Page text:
Now that the dust has settled – Pokémon Go and how it makes money
By Isabelle Evans
5 minute read
It was a stampede. There have been injuries, violence, deaths. The world is a stranger place now, a place where people shuffle distractedly around in small swarms, eyes agape, hunting.
Is it a zombie apocalypse? No. It’s Pokémon Go.
The free-to-play game has been a runaway hit since its release in summer of 2016. The 800 million download figure in 2018 hints that the game shows no sign of slowing down any time soon, with iPhone users spending 33 minutes a day on the app, more time than they spend on Facebook (22 minutes), Twitter (17 minutes) or Instagram (15 minutes). Apple has reportedly said that it had more downloads in its first week than any app has had before. It’s been big.
But then, any number of things have been big for a while, and fallen by the wayside as fads with limited lasting appeal. Look at the Nintendo Wii… The difference this time is that Pokémon Go relies on hardware which is pretty much ubiquitous, and it’s generating money in more ways than one.
#1 In-app purchases
You’d be wrong to describe non-consumable in-app purchases as a license to print money, but I for one am always amazed at how people throw away their pennies with alacrity for an imaginary lucky egg or a lure. This is greatly helped by the seamless purchase process: the app is already synced with players’ iTunes accounts so at no point does it take them out of the game to ask for card details. You can spend between 79p and £80 in one purchase of PokeCoins, exchangeable for the things you’re really after: ways of getting more Pokémon without having to do loads of walking around. This conversion to an imaginary currency removes the whiff of spending real money, also mimicking the confusion tourists have abroad of not really knowing the value of every purchase they make without stopping to do some calculations. SurveyMonkey estimates that the app is hauling in $6 million a day in the US on in-app purchases alone, of which Apple takes 30%, and for their money the players get a little closer to the end goal of catching ‘em all. So it’s a win-win, right?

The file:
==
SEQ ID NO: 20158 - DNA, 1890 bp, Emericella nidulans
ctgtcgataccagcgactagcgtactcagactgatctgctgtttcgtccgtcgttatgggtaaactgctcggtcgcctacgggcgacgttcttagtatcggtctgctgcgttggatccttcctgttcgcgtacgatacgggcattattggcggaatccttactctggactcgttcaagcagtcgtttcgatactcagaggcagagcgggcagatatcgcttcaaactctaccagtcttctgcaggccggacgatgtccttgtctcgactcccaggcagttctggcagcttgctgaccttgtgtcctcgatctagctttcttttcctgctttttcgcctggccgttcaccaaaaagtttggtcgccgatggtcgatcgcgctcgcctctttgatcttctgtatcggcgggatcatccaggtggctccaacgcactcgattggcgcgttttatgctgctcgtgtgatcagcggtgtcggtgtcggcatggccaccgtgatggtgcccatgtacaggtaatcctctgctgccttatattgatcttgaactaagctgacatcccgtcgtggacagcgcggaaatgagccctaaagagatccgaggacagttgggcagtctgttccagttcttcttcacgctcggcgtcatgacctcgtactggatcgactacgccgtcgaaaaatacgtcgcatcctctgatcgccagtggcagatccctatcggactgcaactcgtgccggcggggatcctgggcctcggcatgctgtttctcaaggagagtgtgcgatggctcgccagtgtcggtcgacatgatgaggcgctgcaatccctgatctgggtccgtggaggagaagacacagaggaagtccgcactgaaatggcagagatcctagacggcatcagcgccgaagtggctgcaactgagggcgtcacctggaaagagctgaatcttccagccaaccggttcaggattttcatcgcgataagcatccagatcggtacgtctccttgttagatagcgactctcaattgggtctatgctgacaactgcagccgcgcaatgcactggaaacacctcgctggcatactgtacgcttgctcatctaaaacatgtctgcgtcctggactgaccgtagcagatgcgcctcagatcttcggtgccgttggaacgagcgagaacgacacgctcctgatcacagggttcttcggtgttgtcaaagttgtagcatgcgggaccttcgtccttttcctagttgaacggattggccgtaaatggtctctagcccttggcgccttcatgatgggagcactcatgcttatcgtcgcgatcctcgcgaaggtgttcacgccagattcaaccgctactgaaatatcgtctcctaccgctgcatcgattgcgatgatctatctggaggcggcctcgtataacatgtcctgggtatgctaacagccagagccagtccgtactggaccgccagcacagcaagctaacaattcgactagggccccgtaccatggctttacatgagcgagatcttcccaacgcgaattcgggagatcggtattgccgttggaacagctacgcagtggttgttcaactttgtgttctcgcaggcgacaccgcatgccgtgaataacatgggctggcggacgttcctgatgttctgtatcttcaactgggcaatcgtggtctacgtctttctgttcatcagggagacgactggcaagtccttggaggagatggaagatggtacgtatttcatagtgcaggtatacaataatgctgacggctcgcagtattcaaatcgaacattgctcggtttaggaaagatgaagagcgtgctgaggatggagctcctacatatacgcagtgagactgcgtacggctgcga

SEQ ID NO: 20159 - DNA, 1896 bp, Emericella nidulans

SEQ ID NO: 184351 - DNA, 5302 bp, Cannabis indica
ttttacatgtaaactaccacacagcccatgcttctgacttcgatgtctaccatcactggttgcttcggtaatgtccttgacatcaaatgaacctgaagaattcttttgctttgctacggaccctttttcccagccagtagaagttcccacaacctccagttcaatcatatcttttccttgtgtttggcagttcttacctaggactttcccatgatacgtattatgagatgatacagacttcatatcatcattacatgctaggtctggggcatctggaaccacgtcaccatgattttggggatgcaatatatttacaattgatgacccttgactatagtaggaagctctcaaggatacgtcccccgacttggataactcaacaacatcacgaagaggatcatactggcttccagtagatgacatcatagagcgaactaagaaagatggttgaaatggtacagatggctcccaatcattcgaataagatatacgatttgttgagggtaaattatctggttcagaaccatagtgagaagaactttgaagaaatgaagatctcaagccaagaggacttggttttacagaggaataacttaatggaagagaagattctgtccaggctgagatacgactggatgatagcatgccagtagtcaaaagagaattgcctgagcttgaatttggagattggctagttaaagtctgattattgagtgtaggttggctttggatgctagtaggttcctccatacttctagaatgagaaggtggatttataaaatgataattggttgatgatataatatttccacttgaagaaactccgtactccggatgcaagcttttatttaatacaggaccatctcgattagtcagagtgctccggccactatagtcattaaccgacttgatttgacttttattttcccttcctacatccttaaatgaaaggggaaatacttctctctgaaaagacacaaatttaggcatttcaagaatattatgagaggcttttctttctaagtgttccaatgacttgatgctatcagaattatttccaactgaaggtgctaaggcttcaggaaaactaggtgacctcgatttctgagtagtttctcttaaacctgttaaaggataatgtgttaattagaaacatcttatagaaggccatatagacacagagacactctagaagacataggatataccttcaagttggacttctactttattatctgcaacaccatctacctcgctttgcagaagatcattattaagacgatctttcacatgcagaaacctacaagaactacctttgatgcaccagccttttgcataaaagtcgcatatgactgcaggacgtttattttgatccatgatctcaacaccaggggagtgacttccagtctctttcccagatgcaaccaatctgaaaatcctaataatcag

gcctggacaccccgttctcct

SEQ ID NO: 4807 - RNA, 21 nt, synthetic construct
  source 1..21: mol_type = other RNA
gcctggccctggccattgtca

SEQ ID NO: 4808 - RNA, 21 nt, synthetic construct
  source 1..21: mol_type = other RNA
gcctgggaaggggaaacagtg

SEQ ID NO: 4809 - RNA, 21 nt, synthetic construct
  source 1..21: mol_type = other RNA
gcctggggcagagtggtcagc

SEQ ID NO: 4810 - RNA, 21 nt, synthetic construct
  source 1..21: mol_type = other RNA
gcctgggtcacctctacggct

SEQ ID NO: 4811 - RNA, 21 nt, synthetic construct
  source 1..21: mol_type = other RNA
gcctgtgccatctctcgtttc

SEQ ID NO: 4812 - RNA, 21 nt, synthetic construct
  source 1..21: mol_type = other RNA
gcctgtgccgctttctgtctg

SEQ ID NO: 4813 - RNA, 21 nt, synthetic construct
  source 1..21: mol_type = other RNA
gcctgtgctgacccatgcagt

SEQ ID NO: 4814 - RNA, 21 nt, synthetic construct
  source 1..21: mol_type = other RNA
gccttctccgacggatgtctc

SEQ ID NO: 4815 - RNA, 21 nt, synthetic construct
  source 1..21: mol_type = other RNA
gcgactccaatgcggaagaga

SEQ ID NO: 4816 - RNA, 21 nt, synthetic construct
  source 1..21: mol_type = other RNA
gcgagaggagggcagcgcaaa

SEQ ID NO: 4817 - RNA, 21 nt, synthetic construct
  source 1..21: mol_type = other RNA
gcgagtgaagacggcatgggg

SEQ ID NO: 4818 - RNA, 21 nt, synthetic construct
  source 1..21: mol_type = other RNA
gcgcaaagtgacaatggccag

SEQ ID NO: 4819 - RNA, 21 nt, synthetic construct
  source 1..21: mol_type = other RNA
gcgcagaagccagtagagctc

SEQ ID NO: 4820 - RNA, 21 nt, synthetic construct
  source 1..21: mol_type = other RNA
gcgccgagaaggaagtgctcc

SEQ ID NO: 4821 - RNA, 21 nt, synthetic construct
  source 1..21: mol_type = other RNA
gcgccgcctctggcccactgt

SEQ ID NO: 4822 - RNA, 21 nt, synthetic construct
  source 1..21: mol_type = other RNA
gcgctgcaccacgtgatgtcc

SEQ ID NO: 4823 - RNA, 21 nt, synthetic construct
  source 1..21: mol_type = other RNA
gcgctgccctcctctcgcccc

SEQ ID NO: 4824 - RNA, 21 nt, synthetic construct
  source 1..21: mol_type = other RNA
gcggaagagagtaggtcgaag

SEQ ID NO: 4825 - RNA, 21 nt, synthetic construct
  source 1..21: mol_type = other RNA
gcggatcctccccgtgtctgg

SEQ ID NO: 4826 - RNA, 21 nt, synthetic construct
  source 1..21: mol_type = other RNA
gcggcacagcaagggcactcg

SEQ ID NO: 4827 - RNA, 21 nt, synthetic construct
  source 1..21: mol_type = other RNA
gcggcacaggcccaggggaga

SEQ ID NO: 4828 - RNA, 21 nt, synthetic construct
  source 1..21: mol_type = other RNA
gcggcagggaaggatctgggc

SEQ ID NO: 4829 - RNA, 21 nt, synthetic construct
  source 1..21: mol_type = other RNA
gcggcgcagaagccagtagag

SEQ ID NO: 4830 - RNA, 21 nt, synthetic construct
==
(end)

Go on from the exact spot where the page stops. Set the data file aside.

In addition, the game opens up a number of opportunities for marketers to exploit their position in the Google Maps-esque world of Pokémon. On the 21st of July 2016 the game launched in Japan, and McDonalds became the first major sponsor. In exchange for sponsorship, all of the 3000 McDonalds restaurants have become PokeGyms, battlegrounds for players to exercise their virtual quarry. McDonalds is running a line of Pokémon-themed Happy Meals, as if customers hadn’t already got the point. We’ve yet to see how the move will increase sales at McDonalds, or whether the effect will last.
Niantic, the creators of the game, is also selling ‘sponsored locations’ with advertisers paying on a ‘cost per visit’ basis, similar to ‘cost per click’ but presumably harder to track. On a far smaller scale, individual stores, restaurants and cafes around the world are using Pokemon Go accounts to purchase lures within the game. One coffee franchise owner has described this as “the best ROI we’ve ever seen on marketing” (Warc).
#3 Invisible advertising
In my view, the beauty of this kind of advertising is that as far as the user experience is concerned, there’s no change. The sponsored ‘gyms’ don’t look any different to the ones which already exist in the game, there are no pop-ups and the brands involved have no control over the look and feel of game play. As soon as the leap is made to allowing brands to message players during the game, something valuable will have been lost: nobody enjoys discovering that they’re favourite toy is trying to sell them a frappuccino.
#4 A terrifying new world?
There has been talk of further opportunities in gaming: other games which use the real world as their playground and send players to wander their hometowns on foot. There are games which translate well to this format, and rather more disturbing possibilities: Grand Theft Auto Go is, in principle, among the worst ideas I’ve ever heard.